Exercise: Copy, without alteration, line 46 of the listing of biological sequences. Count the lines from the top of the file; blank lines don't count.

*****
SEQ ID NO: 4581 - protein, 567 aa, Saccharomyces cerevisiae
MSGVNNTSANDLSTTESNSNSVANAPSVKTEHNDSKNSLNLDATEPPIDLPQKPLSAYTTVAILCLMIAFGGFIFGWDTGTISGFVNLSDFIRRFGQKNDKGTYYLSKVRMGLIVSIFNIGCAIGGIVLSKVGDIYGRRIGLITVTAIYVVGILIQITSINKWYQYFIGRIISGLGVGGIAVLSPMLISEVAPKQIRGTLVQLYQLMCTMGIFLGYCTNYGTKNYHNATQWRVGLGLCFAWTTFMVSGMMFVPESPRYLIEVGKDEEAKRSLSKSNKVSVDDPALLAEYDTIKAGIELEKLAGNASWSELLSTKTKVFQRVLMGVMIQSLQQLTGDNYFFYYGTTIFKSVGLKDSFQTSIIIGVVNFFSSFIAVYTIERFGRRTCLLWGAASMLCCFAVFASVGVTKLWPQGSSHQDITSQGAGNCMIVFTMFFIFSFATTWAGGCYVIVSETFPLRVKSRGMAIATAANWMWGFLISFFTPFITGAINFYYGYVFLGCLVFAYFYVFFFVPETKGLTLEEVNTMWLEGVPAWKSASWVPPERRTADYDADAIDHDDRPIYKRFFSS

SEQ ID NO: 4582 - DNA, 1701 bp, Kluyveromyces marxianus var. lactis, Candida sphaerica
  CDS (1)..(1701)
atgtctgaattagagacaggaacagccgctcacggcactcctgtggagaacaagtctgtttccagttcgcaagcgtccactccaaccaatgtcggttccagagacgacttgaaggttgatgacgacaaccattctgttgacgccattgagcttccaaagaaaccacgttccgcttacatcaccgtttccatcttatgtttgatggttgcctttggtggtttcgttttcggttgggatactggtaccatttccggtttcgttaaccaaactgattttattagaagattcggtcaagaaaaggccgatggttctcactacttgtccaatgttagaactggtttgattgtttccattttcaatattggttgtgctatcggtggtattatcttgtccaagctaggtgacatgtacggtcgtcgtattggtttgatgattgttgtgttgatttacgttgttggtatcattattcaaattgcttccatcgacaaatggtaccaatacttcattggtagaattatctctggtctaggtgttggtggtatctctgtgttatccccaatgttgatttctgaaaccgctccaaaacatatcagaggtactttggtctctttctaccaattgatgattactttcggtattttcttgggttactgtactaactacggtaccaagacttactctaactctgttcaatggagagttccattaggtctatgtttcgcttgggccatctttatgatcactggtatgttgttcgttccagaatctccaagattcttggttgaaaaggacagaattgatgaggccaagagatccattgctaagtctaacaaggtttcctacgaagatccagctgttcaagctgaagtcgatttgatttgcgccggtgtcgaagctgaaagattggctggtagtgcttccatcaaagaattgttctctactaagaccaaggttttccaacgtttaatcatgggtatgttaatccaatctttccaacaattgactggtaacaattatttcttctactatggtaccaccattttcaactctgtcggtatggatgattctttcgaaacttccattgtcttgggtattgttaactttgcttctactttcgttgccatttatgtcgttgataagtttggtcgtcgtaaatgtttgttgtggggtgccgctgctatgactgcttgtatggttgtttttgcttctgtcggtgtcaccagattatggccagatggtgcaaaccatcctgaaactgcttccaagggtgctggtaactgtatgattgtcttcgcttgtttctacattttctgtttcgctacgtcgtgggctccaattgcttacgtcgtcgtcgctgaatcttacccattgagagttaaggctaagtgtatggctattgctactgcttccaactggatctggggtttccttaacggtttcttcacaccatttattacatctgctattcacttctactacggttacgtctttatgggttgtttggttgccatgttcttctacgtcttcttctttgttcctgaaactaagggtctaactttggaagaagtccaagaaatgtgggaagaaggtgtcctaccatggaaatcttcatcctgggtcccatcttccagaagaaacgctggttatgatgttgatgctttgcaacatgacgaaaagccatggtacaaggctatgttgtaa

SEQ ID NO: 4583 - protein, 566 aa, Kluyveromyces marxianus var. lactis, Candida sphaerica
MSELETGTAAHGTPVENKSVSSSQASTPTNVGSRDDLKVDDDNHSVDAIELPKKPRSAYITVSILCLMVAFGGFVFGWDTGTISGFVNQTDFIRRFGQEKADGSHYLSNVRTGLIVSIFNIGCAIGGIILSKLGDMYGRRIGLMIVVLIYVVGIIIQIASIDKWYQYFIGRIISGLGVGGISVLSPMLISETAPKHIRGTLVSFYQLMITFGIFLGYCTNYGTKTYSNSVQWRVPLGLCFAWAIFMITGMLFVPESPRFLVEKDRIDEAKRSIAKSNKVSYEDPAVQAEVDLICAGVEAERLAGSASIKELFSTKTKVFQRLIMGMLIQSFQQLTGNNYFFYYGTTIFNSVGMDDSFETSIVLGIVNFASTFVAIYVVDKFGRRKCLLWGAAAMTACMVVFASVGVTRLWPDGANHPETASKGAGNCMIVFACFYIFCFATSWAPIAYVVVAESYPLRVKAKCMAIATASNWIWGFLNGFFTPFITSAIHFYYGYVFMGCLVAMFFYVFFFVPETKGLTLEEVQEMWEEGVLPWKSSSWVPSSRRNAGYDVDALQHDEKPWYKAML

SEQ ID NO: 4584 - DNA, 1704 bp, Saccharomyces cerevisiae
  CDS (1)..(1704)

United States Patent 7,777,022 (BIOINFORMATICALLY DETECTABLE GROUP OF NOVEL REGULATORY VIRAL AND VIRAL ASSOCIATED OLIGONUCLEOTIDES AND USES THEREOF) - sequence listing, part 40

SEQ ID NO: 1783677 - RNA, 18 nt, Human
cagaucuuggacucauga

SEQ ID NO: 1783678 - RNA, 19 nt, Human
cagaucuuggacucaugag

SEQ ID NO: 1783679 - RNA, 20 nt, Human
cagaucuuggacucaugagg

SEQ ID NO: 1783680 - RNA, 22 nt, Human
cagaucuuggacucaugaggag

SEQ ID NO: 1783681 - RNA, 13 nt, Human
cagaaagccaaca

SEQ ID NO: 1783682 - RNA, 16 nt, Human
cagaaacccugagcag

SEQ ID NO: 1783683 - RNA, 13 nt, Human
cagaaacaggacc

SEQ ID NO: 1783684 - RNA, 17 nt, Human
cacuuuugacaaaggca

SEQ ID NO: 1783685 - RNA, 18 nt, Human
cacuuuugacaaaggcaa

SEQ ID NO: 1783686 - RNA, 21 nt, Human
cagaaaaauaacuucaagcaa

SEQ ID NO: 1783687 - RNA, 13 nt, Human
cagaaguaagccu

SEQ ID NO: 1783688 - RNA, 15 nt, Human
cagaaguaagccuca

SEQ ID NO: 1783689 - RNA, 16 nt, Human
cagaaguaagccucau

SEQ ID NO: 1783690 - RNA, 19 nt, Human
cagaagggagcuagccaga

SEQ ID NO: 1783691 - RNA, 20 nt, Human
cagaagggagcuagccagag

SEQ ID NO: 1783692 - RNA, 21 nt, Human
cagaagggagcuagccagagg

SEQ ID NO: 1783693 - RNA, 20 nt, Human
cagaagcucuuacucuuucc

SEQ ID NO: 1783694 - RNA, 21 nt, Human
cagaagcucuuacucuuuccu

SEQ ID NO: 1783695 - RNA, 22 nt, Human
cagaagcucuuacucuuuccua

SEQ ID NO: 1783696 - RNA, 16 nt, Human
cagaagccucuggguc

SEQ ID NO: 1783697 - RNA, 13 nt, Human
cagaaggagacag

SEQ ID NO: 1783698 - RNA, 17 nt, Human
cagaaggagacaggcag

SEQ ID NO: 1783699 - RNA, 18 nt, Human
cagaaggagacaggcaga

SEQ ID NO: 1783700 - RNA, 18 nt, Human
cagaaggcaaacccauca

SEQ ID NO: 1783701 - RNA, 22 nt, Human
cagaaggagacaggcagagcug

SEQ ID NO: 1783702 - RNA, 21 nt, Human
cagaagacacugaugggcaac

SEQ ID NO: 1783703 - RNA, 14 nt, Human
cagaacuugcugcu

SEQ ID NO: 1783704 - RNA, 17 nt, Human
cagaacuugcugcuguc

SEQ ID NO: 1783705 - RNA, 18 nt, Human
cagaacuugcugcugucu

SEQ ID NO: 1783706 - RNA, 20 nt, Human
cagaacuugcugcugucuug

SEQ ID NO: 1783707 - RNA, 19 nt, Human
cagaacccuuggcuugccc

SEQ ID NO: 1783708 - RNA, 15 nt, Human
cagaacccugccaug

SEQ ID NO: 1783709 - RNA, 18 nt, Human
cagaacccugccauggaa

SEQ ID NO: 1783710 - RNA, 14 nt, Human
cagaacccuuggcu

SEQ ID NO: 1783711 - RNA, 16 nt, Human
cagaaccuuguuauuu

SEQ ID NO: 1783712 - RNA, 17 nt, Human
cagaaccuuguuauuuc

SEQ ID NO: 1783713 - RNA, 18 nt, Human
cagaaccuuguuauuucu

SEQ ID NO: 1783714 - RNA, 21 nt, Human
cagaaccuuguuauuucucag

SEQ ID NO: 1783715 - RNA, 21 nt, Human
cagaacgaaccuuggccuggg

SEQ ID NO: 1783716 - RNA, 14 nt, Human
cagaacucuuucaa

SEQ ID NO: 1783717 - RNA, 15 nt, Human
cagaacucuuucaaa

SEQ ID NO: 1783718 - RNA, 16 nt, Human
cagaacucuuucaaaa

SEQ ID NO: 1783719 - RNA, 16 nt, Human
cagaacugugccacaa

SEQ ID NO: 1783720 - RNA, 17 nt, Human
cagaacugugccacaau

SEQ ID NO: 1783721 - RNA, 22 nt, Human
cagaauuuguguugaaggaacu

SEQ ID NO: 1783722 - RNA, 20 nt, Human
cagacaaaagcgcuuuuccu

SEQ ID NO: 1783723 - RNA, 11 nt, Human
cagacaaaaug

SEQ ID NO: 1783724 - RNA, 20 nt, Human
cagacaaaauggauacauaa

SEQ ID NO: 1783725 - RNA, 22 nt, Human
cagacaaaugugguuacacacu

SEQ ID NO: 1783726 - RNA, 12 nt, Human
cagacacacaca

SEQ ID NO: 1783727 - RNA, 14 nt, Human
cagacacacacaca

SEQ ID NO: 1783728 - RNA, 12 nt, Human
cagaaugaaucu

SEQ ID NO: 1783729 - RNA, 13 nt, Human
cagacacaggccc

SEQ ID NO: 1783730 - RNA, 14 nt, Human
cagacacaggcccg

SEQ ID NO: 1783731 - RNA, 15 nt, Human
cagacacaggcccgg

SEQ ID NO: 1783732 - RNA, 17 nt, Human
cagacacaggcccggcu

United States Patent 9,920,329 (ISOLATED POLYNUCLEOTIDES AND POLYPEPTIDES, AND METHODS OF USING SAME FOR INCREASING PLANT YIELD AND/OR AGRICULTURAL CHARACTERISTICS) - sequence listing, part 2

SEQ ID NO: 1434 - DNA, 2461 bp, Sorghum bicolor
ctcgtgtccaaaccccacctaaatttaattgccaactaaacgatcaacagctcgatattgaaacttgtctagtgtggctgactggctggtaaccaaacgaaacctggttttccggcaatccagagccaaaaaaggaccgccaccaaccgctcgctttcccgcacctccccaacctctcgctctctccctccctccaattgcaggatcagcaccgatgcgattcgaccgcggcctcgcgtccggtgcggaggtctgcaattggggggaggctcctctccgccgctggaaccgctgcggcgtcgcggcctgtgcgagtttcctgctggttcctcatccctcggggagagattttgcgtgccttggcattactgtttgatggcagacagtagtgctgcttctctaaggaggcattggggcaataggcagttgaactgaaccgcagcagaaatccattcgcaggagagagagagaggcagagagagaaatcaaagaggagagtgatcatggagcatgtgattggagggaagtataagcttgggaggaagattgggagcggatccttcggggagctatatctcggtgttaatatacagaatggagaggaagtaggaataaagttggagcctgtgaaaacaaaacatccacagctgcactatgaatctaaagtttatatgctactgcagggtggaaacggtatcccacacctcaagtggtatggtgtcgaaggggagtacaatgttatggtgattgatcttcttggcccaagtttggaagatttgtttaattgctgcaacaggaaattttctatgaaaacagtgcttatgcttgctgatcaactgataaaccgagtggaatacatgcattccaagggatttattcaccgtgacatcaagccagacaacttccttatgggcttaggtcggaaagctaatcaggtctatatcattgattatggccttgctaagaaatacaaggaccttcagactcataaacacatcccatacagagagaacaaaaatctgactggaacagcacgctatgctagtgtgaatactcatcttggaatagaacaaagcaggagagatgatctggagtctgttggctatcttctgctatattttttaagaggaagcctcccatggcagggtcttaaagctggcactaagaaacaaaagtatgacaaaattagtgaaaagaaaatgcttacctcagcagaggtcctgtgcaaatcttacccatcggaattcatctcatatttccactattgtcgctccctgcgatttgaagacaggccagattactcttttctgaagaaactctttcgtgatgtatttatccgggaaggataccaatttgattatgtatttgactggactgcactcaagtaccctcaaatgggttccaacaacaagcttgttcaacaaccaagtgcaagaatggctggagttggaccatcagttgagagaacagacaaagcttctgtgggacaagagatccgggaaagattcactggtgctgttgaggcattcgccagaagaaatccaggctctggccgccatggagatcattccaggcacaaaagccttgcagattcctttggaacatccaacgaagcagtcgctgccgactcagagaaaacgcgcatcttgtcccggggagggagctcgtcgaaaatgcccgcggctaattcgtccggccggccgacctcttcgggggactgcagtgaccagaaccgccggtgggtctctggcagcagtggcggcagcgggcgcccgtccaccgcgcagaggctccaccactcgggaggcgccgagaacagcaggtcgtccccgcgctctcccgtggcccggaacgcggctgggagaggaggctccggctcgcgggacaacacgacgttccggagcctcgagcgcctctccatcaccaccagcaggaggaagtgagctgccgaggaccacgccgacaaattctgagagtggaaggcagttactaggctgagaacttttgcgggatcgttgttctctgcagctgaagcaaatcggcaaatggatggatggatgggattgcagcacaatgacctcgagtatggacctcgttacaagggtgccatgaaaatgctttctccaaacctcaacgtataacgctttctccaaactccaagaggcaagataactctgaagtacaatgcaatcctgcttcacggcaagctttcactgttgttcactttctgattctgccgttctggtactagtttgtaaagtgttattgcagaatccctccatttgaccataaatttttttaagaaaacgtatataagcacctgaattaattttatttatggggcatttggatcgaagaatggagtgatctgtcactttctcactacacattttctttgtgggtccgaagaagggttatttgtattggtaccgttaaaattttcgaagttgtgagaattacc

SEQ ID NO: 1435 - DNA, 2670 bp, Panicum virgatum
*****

cagaagcucuuacucuuuccu